In the embodiment, the second common ink chamber 72 is provided on the side of the nozzle plate 7. In the case where a sufficient volume can be ensured as a common ink chamber in a recess on one face, it is apparent that the common ink chamber 71 may be provided only on the face on which the pressurizing chamber 41 is formed, as shown in FIGS. 15 a and 15 b.

In the spacer 40 shown in FIGS. 15 a and 15 b, a through hole which will serve as the nozzle communicating hole 75 is first formed by anisotropic full etching of a silicon single-crystal substrate. Then, recesses which will serve as the pressurizing chamber 41, the ink supply port 42, and the common ink chamber 71 are formed by anisotropic half etching on one face of the silicon single-crystal substrate. The recess 76 through which the nozzle communicating hole 75 is to be communicated with the nozzle opening 5 is thereafter formed in one process by half etching on the surface and the back face or separately by processes for the surface and the back face. According to the embodiment, only the nozzle communicating holes 75 which discretely exist constitute through holes, and hence the rigidity which is in the vicinity of the inherent rigidity of the silicon single-crystal substrate constituting the spacer 40 can be effectively used. Thus, the nozzle plate 7 can be made thinner, and the nozzle opening 5 can be made smaller.

FIGS. 16 and 17 show a section structure in the vicinity of a pressurizing chamber and a top structure of a spacer of another embodiment of an ink jet recording head of the invention, respectively. In the figures, the reference numeral 81 designates a spacer according to the present invention. In the spacer 81, a pressurizing chamber 82 and an ink supply port 83 having a depth D3 which is smaller than the thickness T4 of the silicon single-crystal substrate are formed on one face of a silicon single-crystal substrate having the surface of a predetermined crystal orientation, for example, a crystal orientation (110). A common ink chamber 84 formed as a through hole is formed at another end of the ink supply port 83 so as to be communicated with the ink supply port. A nozzle communicating hole 86 which is a through hole for connecting the pressurizing chamber 82 to a nozzle opening 85 is formed at another end of the pressurizing chamber 82.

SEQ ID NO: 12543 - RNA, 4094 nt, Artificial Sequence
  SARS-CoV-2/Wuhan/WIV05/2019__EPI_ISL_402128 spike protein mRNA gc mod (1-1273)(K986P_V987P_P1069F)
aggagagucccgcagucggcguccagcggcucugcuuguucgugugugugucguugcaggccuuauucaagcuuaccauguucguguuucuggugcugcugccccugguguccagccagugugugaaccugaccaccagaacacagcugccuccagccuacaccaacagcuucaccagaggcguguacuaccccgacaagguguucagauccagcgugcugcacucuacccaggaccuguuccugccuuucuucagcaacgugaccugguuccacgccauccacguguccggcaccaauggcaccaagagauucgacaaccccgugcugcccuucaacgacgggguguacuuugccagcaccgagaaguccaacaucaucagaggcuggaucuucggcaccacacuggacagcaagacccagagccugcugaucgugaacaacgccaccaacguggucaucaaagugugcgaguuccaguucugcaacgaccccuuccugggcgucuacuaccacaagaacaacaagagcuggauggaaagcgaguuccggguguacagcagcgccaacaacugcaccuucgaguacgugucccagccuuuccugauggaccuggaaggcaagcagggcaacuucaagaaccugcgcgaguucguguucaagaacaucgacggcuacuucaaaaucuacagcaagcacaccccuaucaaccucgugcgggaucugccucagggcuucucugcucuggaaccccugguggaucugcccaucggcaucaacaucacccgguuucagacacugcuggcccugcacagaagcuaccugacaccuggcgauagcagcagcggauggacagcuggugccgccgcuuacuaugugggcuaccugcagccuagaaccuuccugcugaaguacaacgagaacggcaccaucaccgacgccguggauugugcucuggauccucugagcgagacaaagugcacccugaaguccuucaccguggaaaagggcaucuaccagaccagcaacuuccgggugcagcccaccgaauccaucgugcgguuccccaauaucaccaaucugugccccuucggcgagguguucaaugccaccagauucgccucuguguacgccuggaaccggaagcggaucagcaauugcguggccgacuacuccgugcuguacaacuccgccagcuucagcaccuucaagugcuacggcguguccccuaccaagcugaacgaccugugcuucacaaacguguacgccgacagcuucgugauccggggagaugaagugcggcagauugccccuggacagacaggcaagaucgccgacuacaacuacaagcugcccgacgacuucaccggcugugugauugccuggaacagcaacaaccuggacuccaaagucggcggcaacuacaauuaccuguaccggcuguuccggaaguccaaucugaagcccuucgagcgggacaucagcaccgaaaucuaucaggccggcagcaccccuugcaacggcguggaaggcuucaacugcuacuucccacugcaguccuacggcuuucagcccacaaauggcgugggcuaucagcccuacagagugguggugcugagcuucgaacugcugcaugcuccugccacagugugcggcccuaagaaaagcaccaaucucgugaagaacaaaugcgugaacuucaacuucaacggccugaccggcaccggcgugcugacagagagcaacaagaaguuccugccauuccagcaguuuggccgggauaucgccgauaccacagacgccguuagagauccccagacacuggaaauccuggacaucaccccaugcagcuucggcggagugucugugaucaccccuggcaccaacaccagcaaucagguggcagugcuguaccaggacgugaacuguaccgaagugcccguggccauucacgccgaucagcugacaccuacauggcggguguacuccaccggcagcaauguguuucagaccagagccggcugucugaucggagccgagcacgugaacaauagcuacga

The pressurizing chamber 82 and the ink supply port 83 are formed as shallow recesses by performing anisotropic etching on only one face of the silicon single-crystal substrate functioning as a base material of the spacer 81. The common ink chamber 84 is formed as a through hole by anisotropic etching on both faces of the silicon single-crystal substrate because the opening area is large.

On the other hand, the nozzle communicating hole 86 is required to have a diameter as small as possible. Therefore, the nozzle communicating hole is opened by irradiation of laser light from a laser apparatus using copper ions. A laser using copper ions has high absorptivity with a silicon single-crystal substrate and is a pulse laser. Consequently, a hole can be gradually bored in such a manner that very thin layers are peeled one by one. As compared with the case where continuous laser light from a carbon dioxide laser apparatus is used for boring a hole, the nozzle communicating hole 6 can be formed into a cylindrical shape which has a circular section. As compared with the case where a through hole is formed by anisotropic etching, ink can be smoothly supplied to the nozzle opening 5.

The thus configured spacer 81 is sandwiched by an elastic plate 87 on the pressurizing chamber side and a nozzle plate 88 on the other side, and they are integrally fixed to the spacer.